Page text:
Now that I had my eye in I concentrated harder in obtaining some better flight shots, not that there was any other options! As previously mentioned getting decent images wasn't very easy at all owing to the breeze and the bird being very fast but I took plenty anyway. 

We chatted to our fellow Oxon birders present all, most of whom were suffering the same trials and tribulations in trying to capture the Red-rumped Swallow "on film". Occasionally the bird would fly up higher above the reservoir but always returned to feeding close to the waters surface.

A couple of Swifts flew past above the reservoir too and I took a few snaps of them, the most recent addition to the Old Caley year list (#206). I love Swifts and will be trying hard to get some good photos of them in the coming few weeks but for now I was preoccupied by the Red-rumped Swallow.

We all lost the Swallow for a while and thought maybe it had gone but then someone spotted it flying almost along the apron of the reservoir on the opposite side. We scurried around into position but now faced different problems. The sun was now shining directly into our faces and, because the Red-rumped was so close in, the perimeter fence was now in the way! In order to see the bird we had to look through the chain link, no problem in seeing it through the bins, hardly necessary now since it was right in front of us, but that damned fence created serious difficulty in both focussing and tracking it with the camera. I had one of those 15 minutes where I managed to forget a lot of what I know about photography, which isn't much I admit, and took blurry shot after blurry shot! What I should have done was switch to manual focus of course.

The Red-rumped Swallow rose up above the water once more and drifted out over the adjacent cattle field, the day was warming up and flies must have been getting more airborne. Against the sky staying on the bird also presented a different conundrum but I soon coped with the different underside views. From underneath it appeared different from the accompanying Barn Swallows by having an entirely dark under tail. The tail was also a subtly different shape, reminding me of a scarab beetles pincers, and the wings were also rounder and blunter at the tips. The Red-rumped made a swoop towards us and I fired off a whole volley of frames.

More and more birders were arriving as the morning progressed but shortly after at about 10:30 the Swallow along with most of the hirundines just vanished! We waited for another 30 minutes or so and then departed ourselves. The Swallow reappeared later that evening. It then settled into a pattern whereby it would be seen early morning, would disappear during the heat of the day and then return to the reservoir in the late afternoon or early evening. 

I wanted more so we made a 3rd visit to Grimsbury on Wednesday 8th May after work. Another sunny day and since I knew that the Red-rumped Swallow wouldn't be back until the air had cooled a bit we left going until after 19:00. I was hoping that the Swallow would spend some time perched upon the perimeter fence so that I could get a shot of it resting but in the hour or so that we were on site the bird was only seen feeding actively over the adjacent cattle field as it had done so later on Saturday. This meant viewing into strong sunshine which presented its own difficulties and only as the light levels dipped did the Swallow fly over the reservoir allowing a few better shots.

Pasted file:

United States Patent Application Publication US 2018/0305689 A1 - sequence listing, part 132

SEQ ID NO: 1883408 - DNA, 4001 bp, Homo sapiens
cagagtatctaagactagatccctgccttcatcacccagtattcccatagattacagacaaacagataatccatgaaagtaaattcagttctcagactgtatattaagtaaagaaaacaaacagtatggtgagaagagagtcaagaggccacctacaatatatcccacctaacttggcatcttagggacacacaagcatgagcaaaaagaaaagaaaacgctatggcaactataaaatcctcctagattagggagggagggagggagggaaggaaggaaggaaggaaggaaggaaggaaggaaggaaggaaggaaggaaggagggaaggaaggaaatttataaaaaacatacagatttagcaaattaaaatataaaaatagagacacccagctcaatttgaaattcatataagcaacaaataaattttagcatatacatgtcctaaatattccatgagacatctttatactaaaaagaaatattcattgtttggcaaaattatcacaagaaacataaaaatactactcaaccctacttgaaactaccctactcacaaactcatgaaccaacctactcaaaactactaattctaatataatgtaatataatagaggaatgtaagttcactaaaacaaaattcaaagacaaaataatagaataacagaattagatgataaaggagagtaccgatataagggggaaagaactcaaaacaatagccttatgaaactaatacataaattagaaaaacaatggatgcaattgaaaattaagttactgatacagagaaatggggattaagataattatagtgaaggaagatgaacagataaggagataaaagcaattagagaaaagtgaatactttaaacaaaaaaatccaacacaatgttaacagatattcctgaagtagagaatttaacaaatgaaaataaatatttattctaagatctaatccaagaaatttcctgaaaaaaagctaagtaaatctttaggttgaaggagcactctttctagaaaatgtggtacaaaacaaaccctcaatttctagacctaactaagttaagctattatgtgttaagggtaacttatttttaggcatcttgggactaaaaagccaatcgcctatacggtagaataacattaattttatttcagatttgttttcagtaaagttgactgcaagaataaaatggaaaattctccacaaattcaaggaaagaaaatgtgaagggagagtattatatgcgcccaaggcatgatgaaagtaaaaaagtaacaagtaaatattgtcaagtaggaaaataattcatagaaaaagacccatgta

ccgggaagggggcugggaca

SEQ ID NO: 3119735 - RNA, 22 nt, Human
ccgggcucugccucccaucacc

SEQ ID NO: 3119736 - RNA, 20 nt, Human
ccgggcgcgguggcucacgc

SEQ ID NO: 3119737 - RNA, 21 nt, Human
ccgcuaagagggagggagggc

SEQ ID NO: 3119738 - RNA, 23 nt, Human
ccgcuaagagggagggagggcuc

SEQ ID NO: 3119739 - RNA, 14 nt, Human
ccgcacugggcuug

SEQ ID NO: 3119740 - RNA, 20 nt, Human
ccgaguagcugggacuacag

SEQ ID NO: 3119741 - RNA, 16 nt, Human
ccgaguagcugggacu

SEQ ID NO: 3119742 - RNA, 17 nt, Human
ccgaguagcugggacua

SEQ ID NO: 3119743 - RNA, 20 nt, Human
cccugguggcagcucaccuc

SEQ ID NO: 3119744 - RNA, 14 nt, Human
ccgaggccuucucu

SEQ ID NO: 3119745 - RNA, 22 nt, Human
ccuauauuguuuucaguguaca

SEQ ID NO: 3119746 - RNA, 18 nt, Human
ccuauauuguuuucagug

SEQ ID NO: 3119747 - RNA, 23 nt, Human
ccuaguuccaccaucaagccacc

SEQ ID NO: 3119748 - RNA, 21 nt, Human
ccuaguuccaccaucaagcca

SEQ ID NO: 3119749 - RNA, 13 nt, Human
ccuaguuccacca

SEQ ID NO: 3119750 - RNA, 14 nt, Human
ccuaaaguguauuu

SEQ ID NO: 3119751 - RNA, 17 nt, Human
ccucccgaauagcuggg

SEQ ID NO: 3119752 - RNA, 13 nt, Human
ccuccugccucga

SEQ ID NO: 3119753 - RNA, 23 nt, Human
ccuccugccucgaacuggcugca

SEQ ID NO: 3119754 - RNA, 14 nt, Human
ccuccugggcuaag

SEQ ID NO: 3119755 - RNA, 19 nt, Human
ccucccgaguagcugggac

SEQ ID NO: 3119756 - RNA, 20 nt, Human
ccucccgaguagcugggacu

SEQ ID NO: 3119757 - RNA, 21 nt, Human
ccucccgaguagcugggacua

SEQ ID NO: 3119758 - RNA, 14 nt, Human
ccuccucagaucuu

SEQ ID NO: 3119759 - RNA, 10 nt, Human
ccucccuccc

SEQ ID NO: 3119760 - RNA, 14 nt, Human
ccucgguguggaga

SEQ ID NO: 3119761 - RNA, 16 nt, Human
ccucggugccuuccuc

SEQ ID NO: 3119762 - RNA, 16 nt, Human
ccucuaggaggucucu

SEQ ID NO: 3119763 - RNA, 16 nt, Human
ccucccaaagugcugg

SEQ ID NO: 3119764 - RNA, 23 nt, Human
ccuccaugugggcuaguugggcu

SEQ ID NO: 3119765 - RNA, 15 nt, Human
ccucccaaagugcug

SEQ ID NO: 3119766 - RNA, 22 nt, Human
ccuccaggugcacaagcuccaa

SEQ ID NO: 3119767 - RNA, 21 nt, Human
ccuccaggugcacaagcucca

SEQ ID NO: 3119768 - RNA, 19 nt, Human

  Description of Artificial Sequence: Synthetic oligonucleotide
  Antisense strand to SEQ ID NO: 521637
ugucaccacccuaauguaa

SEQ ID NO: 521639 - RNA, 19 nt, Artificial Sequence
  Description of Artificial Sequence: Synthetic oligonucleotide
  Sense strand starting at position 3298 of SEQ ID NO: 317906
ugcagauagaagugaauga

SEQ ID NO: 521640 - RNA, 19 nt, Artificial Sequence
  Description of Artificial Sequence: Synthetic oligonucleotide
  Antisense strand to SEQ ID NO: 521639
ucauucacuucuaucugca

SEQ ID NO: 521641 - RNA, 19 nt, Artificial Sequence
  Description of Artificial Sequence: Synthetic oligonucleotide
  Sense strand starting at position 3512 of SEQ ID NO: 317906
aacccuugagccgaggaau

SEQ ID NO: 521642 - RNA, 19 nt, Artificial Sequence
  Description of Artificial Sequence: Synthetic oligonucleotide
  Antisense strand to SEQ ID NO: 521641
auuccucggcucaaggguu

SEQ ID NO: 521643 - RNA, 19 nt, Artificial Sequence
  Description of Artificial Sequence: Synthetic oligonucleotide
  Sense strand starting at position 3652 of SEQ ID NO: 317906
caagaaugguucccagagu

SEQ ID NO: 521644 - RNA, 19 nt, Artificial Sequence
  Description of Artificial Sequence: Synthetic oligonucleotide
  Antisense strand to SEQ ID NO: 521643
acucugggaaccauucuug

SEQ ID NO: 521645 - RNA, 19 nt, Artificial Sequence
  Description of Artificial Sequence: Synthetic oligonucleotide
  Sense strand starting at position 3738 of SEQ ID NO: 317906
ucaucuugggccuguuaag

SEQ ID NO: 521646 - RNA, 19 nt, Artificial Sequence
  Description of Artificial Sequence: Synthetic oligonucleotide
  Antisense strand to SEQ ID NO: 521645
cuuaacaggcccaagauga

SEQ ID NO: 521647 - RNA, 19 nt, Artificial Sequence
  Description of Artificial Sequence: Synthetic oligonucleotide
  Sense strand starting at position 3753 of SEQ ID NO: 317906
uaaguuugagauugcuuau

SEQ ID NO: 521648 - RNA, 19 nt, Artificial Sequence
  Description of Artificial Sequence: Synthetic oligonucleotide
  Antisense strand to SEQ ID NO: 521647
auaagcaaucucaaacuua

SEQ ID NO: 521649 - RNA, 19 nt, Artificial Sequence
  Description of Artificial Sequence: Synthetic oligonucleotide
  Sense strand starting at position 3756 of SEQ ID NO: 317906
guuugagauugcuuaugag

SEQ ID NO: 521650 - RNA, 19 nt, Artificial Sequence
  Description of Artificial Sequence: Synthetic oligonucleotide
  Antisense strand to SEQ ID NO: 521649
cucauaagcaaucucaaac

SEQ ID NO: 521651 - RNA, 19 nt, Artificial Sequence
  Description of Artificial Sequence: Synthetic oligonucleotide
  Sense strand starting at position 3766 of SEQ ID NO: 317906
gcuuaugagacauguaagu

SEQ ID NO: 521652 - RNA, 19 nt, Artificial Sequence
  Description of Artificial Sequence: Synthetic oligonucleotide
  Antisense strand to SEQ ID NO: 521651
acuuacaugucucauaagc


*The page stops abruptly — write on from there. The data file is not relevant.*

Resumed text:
After not being seen on Thursday morning the Red-rumped Swallow reappeared in the evening so I made plans to go in early on Friday and try once again for that "sat on the fence" shot, I was working locally so could nip in for an hour or so. Early Friday morning was foggy which might just produce the promising conditions for the hirundine flock to remain less active. I arrived at work and saw a message, and a fantastic photo, from my friend Kyle that the Swallow was indeed perched on the fence. This was it, I was in and likely to get the photos that I craved. Then, and only then, did I realise that I'd forgotten my camera and it was still sat on the table at home! Bugger!!!

Courtesy of Kyle Smith
After another weekly shopping chore Mrs Caley and I returned again to Grimsbury on Saturday morning but it was once more a lovely and sunny start to the day so I wasn't hopeful of finding the Swallow perched on the wires. I found the bird easily enough flying around in the same general area as when we first saw it over a week ago but despite a few of its more common cousins going to the fence for a rest it didn't join them. The whole hirundine flock departed around 08:30 and the Red-rumped Swallow wasn't seen again. So I never got my perched shot but what a great bird to have in our county! Well done to JFT for finding it on that wet and miserable Friday morning the week before.

Annual visit to a Welsh Oakwood. 3rd May 2019

Every spring Mrs Caley and I head to the Sessile Oak Woods in mid Wales near Llandovery to catch up with some of the special birds that spend the summer there. Last year we had a fantastic day out at the RSPB's reserve at Gwenfrwdd-Dinas enjoying great views of all of the Oak woodland specialists as well as twitching a rare Green Heron in Pembrokeshire as a diversion on the way (written up here Rainbow birds). That trip would take some beating or even some living up to but it's always a journey we look forward to undertaking despite it being over 3 hours driving from our home.